oracle@omshost$ ./emcli set_target_property_value -property_records="REC_FILE" -input_file="REC_FILE:/tmp/targets" -separator=property_records="\n"

There you go. Your hosts are now updated with appropriate target lifecycle stages and the OMS will prioritize them based on these settings whenever the OMS is under high load. Repeat this for your listeners (-targets=oracle_listener), database instances (-targets=oracle_database) and so on until all of your targets have a lifecycle stage assigned. I’ve broken these out by target type for simplicity of documentation, but you can also just produce a single large file containing the lifecycle status for all of your targets and load the whole thing at once. This same technique works to assign a contact, comment, location, or any other target property you find useful.

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4 thoughts on “How and why you should set target lifecycle status properties in EM12c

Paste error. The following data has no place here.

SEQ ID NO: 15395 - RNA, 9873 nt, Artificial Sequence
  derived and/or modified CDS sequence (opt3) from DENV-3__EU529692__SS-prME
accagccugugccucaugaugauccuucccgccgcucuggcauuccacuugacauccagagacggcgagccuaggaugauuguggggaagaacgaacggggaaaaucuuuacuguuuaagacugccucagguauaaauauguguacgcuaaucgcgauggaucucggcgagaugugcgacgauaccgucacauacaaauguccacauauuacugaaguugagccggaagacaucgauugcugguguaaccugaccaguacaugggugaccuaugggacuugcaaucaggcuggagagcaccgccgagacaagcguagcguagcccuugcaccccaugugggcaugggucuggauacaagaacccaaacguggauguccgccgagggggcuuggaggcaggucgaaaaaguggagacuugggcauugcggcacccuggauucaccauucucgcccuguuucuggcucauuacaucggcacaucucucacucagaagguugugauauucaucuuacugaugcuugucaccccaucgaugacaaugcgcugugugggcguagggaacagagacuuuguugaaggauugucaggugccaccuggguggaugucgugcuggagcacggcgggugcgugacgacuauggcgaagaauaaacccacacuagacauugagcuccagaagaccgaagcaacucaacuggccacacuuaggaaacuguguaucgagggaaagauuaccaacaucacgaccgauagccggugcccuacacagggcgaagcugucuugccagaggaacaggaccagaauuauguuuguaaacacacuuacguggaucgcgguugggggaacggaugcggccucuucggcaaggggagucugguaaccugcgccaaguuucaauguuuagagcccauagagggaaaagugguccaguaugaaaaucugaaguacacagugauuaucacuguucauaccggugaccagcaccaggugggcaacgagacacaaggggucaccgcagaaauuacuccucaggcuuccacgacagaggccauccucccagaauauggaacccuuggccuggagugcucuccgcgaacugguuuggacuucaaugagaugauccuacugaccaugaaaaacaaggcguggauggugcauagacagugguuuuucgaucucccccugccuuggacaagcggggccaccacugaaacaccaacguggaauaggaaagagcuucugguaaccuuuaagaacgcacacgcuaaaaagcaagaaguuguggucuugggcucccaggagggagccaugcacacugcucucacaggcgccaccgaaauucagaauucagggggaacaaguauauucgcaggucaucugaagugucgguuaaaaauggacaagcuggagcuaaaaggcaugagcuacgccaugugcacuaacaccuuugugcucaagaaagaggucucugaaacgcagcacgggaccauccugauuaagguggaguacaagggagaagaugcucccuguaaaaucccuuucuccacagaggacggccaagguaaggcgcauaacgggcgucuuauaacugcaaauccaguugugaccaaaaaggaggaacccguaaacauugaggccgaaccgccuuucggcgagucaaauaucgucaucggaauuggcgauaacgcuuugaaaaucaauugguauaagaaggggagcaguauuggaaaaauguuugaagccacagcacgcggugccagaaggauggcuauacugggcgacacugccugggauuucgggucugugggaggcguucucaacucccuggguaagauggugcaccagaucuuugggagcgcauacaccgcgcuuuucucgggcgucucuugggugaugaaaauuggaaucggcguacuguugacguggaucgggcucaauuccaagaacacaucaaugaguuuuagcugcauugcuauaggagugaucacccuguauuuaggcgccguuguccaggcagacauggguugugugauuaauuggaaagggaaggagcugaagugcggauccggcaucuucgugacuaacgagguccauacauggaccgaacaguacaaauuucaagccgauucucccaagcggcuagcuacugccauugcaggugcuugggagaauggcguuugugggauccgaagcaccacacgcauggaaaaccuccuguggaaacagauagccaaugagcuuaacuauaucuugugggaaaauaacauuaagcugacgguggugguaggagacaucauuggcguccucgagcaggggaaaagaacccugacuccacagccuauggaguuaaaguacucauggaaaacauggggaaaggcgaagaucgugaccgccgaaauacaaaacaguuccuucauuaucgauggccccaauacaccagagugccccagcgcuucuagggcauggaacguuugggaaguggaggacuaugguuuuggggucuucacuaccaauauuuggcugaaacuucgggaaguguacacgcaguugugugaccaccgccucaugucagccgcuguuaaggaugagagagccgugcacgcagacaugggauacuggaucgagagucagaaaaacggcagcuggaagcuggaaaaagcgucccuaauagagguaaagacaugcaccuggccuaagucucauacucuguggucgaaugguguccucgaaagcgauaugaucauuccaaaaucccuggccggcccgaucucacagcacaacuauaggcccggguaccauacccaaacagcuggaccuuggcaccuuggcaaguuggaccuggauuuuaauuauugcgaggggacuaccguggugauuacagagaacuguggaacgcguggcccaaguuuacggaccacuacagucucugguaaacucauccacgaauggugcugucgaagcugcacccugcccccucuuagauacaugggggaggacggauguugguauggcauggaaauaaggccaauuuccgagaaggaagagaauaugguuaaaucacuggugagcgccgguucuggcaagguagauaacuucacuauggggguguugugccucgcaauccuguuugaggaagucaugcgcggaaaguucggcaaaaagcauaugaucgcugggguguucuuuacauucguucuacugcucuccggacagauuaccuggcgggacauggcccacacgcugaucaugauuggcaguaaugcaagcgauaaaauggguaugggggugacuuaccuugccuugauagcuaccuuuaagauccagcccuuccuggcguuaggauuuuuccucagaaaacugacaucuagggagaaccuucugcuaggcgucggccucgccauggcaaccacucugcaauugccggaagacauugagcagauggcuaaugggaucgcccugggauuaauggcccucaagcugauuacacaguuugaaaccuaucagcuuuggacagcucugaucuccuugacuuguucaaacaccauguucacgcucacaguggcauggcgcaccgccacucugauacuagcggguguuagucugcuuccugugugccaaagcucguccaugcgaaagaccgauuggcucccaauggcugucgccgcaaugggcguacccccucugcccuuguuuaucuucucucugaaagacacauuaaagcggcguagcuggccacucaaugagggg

1. Pingback: Why your EM12cR2 FMW stack probably needs patch 13490778 to avoid OHS down/up events | Pardy DBA

  2. Bill Korb

    Brian,

    I just found this one today, and it was extremely helpful, thanks!

    However, one slight change I would suggest. When I was doing this, another admin had blacked out a bunch of targets for patching, so the awk didn’t produce the desired output (since the status of those targets was “Blacked Out” which looked like two columns to awk). I made a slight change to the emcli & awk commands to resolve this:

    emcli get_targets -noheader -format=’name:script;column_separator:|;’ -targets=’%database%’ | awk -F\| ‘{print $4″:”$3″:LifeCycle Status:”}’ > /tmp/targets

    (I was doing this for my databases, both RAC and single instance, hence the wildcards in the targets option).

    Thanks again,
    Bill

    Reply